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Keywords:

  • array comparative genomic hybridization;
  • chromosome;
  • consequences;
  • costs;
  • learning disability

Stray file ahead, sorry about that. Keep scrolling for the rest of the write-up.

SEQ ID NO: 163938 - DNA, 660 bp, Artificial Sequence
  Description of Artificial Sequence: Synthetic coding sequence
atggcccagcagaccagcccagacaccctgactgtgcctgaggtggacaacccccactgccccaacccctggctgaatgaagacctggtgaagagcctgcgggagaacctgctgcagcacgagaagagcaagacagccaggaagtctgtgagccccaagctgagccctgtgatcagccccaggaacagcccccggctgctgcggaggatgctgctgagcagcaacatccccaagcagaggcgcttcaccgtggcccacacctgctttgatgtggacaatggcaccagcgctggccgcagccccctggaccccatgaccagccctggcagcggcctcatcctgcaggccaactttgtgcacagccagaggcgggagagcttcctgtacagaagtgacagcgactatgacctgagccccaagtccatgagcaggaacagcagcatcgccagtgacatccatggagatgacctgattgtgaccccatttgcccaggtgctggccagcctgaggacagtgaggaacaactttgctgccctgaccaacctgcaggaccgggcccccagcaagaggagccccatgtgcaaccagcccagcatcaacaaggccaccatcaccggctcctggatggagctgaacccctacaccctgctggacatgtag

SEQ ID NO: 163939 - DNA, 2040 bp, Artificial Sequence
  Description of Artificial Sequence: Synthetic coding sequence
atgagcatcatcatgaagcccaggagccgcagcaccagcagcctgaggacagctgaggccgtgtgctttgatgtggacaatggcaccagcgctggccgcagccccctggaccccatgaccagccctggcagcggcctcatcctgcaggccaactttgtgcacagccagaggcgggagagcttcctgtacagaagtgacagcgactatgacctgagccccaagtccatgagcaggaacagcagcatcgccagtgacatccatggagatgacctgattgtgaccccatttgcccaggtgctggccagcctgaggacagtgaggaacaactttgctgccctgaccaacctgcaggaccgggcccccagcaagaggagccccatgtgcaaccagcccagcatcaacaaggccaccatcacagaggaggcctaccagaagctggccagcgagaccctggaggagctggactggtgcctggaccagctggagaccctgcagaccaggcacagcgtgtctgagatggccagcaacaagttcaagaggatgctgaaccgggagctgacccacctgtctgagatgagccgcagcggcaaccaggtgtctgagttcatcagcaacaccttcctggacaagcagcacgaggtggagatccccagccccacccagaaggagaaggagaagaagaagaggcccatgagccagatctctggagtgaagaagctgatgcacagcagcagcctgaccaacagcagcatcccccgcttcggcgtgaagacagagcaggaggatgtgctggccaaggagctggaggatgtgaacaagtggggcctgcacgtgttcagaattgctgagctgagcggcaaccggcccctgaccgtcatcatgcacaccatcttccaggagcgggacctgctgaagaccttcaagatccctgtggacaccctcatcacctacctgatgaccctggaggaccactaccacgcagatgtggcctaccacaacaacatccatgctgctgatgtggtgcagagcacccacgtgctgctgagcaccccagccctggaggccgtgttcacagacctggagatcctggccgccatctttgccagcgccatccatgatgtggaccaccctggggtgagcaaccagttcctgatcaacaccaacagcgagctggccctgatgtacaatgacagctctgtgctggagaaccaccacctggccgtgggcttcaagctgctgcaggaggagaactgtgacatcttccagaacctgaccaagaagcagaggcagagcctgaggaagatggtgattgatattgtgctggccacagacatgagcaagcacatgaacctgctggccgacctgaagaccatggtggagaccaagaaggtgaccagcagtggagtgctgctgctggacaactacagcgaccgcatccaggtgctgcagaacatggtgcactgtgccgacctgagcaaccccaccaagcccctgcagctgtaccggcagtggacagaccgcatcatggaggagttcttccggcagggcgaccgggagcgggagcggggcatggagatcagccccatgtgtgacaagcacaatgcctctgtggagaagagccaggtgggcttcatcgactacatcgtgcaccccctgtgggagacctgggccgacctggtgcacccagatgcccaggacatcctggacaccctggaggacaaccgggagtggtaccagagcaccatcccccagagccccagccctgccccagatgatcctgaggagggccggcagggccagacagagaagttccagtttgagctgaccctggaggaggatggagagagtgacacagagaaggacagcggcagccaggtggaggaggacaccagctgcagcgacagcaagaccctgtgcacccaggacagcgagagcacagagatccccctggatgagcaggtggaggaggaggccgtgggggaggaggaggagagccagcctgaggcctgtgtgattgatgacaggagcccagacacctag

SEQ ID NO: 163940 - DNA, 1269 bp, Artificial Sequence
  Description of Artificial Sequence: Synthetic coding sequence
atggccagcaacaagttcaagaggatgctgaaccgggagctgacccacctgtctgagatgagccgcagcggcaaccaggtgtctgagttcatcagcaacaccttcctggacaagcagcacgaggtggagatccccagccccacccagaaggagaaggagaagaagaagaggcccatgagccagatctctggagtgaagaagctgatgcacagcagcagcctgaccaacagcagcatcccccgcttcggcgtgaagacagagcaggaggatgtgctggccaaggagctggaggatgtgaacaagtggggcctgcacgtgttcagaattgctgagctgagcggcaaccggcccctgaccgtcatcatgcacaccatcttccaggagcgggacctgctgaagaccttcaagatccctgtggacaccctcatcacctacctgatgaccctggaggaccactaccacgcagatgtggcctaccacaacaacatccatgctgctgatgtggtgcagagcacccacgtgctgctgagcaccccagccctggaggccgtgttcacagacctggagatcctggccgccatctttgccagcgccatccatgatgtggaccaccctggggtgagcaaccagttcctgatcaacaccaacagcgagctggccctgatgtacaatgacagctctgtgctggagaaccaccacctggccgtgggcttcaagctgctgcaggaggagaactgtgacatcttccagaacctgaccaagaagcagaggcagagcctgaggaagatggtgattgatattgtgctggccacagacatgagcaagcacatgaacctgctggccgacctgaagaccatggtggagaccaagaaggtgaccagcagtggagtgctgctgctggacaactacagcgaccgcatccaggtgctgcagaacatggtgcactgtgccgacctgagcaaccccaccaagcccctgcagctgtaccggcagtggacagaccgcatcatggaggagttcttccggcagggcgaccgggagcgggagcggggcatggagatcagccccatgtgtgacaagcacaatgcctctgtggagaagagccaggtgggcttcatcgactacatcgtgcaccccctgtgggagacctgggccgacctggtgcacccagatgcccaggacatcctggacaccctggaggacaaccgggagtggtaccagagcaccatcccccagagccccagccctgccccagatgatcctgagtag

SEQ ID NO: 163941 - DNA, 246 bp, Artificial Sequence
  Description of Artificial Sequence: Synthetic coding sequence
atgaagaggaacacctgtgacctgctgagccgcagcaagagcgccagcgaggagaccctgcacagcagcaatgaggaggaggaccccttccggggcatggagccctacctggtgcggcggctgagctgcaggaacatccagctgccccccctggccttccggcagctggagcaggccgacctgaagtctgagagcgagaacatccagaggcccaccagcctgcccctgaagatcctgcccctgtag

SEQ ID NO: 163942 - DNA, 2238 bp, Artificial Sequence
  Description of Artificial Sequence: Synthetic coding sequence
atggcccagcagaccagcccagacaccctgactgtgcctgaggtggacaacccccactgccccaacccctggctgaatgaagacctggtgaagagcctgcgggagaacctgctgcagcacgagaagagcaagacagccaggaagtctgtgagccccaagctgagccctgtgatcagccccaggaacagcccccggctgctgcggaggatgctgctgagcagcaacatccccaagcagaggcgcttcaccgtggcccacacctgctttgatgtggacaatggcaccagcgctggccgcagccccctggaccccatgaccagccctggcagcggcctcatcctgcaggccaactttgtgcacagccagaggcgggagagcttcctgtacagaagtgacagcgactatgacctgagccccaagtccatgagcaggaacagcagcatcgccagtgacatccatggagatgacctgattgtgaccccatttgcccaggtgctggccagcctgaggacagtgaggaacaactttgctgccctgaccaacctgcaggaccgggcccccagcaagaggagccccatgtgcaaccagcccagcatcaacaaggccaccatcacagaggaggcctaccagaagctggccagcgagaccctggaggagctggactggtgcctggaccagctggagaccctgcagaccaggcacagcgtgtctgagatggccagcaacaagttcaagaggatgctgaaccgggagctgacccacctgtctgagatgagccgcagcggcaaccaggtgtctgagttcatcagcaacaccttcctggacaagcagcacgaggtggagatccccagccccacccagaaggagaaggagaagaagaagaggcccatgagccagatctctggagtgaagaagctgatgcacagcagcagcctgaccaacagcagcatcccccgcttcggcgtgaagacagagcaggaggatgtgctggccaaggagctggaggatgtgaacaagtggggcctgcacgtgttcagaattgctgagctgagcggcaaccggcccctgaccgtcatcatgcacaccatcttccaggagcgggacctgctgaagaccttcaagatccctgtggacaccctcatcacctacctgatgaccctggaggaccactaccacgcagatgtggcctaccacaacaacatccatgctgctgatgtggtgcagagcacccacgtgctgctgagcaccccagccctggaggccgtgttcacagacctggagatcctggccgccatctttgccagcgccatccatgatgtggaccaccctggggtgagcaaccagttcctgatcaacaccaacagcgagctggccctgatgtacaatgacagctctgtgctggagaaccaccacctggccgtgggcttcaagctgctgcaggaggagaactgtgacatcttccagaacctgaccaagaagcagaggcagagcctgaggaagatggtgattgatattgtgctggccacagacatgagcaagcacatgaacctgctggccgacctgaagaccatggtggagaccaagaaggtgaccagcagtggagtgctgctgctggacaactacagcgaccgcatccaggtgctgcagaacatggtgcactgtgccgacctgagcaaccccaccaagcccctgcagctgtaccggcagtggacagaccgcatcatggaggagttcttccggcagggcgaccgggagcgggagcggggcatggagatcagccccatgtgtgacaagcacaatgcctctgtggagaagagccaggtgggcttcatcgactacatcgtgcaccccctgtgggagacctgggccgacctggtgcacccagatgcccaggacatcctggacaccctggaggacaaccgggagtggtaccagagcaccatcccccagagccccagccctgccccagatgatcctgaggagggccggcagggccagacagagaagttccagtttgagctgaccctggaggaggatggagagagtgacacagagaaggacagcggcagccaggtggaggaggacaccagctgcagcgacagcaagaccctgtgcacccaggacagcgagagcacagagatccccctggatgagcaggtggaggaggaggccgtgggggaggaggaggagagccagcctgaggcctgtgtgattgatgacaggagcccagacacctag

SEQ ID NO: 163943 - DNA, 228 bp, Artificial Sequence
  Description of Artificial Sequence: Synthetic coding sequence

A major application of array comparative genomic hybridization (aCGH) is to define a specific cause in children with undiagnosed learning and developmental disability (LDD). Medical notes for 46 consecutive patients selected for aCGH analysis by clinical dysmorphologists were abstracted for clinical investigations related to LDD and a cost-consequences analysis was performed. aCGH analysis was completed in 36 cases and five diagnostic chromosomal anomalies were identified (13.8%). The number of investigations undertaken on each child varied. With aCGH estimated to cost £590 per case, if aCGH had been undertaken after negative standard initial tests for LDD investigation, the additional cost would be £2399 per positive case. If the cost of aCGH was reduced to £256 per case (∼€350), aCGH becomes cost neutral. All chromosomal anomalies detected by aCGH had a de Vries score of ≥5. If aCGH had only been used for individuals with a score of ≥5, the sensitivity increased to 21.7% yielding a cost of £1087 per positive case identified. Pre-selection of cases for aCGH based on de Vries criteria has a major economic impact on introducing aCGH into clinical practice. Prospective studies are required to explore the long-term costs and consequences of aCGH and identify when aCGH may provide the most benefit at least cost.